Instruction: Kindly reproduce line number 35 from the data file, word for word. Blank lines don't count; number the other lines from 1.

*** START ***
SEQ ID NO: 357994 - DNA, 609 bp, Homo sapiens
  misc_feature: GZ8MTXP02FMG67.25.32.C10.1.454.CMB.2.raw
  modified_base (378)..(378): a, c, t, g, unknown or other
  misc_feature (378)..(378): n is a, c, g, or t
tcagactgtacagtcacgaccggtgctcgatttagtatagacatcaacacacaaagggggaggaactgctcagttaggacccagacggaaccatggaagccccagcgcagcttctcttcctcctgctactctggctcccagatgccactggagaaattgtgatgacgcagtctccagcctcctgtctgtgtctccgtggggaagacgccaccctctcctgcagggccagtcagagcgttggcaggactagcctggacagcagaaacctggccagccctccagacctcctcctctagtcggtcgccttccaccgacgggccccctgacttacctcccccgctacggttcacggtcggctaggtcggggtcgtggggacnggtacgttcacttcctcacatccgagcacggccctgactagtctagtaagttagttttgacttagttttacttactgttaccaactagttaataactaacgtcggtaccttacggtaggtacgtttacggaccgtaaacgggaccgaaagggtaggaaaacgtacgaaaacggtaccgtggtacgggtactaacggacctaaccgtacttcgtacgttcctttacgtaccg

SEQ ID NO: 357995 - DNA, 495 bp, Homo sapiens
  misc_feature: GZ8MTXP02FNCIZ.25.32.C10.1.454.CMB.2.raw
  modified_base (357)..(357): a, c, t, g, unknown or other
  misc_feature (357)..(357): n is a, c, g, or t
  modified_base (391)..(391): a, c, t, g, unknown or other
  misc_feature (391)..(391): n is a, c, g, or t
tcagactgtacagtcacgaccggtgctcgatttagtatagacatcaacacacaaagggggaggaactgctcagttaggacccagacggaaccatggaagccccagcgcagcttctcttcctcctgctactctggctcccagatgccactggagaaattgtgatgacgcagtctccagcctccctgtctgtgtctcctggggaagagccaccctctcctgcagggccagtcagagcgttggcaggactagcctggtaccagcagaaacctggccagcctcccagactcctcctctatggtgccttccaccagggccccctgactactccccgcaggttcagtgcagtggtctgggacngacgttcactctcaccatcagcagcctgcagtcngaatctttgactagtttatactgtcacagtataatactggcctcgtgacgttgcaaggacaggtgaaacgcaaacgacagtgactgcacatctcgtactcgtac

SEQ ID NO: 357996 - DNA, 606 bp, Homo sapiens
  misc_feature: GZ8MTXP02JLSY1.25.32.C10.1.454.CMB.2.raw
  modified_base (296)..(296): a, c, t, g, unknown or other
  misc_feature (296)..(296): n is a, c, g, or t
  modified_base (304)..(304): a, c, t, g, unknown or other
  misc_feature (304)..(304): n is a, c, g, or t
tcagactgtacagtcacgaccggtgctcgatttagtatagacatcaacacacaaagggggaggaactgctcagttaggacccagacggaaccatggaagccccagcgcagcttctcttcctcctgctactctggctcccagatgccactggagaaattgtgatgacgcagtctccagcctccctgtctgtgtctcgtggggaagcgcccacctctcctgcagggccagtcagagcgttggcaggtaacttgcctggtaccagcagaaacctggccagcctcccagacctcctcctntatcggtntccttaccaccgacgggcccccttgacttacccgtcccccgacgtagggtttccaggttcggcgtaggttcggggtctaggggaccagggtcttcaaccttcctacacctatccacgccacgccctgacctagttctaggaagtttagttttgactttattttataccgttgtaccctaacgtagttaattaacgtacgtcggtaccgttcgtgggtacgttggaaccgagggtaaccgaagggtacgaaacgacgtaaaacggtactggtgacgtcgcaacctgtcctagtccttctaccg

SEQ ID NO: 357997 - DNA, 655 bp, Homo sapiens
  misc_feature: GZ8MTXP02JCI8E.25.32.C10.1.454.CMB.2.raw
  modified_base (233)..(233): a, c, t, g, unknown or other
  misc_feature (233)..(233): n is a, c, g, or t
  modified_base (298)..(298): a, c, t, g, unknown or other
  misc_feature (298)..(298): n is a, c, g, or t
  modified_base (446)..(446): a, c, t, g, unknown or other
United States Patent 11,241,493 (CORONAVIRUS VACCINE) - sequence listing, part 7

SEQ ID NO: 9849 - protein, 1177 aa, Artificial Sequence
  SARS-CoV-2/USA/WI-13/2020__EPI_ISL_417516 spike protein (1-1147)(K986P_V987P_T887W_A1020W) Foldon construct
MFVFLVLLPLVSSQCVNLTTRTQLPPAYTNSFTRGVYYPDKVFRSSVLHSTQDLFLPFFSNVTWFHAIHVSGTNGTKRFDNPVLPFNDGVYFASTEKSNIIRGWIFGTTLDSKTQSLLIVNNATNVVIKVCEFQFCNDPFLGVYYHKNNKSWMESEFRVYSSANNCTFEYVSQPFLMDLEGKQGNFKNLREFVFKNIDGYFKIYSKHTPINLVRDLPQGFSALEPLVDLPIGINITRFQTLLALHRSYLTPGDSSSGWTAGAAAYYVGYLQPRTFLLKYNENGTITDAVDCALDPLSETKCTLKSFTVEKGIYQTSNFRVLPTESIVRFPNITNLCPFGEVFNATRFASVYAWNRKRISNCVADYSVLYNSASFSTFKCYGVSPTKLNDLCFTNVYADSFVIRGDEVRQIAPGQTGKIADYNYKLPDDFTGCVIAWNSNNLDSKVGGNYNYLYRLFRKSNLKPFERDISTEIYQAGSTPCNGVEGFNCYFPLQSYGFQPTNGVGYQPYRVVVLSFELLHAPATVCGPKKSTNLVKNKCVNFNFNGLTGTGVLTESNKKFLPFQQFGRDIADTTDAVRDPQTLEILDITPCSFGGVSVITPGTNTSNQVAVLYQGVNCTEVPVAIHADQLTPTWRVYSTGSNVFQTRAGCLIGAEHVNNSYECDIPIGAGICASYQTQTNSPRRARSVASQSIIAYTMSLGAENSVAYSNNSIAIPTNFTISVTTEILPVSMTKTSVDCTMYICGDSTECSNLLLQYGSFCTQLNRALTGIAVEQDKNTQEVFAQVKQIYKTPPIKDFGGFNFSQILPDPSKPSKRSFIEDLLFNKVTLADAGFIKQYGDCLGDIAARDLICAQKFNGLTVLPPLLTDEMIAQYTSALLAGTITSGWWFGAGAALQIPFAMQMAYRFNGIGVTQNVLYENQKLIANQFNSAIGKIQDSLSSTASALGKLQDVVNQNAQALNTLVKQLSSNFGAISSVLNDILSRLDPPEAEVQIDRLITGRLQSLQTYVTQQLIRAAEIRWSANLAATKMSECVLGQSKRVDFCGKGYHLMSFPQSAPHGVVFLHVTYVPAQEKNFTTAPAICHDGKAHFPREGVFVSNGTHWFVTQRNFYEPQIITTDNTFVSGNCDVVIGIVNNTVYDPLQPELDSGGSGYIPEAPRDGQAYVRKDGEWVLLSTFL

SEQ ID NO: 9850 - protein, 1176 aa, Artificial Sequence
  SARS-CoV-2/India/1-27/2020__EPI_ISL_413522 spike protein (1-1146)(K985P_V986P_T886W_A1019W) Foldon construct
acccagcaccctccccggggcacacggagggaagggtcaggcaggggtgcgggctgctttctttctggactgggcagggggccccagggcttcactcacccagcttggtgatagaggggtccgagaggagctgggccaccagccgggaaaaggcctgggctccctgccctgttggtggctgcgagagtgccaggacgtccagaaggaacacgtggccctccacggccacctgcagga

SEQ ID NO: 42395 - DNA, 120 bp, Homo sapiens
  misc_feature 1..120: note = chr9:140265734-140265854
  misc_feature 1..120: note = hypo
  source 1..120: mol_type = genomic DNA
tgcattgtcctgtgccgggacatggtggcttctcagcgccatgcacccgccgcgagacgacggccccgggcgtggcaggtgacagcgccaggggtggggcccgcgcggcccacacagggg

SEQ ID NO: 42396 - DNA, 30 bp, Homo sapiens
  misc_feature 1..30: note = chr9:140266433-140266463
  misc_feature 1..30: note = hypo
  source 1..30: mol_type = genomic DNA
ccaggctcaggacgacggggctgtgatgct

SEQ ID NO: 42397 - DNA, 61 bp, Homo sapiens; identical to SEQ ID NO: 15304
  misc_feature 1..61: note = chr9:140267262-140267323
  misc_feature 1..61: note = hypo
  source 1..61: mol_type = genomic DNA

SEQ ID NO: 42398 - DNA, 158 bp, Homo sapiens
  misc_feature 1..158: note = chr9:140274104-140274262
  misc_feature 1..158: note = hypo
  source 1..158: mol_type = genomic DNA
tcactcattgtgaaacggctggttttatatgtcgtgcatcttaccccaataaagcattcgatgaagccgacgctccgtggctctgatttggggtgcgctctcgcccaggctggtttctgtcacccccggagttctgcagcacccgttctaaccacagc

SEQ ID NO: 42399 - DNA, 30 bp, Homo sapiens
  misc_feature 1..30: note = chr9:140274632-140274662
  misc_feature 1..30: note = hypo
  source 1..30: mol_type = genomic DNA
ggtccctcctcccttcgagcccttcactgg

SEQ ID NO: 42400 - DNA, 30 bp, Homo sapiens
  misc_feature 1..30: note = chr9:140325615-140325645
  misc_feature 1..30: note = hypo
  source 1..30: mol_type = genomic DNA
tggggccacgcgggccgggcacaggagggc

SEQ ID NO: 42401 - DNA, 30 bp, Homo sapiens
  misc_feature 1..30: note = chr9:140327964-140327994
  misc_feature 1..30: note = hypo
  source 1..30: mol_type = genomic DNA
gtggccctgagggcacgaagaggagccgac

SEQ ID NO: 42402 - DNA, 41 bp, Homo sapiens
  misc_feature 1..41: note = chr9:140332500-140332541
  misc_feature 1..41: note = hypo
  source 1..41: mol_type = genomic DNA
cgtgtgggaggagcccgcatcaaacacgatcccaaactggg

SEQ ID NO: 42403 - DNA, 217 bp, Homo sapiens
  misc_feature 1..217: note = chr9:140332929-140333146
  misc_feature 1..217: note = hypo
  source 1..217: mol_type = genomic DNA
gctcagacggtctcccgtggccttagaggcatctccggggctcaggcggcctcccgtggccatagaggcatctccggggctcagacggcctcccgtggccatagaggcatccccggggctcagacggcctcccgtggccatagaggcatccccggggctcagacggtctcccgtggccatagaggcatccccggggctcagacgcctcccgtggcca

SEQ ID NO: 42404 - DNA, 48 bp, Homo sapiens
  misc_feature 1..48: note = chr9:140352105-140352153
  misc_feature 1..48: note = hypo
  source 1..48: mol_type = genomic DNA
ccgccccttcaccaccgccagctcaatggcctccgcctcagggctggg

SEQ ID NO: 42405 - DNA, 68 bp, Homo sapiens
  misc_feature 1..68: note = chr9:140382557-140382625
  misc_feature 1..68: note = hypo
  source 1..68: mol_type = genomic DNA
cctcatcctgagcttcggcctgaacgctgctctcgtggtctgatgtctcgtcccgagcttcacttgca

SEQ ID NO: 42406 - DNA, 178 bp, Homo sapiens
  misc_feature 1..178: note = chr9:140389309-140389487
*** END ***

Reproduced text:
  misc_feature 1..120: note = chr9:140265734-140265854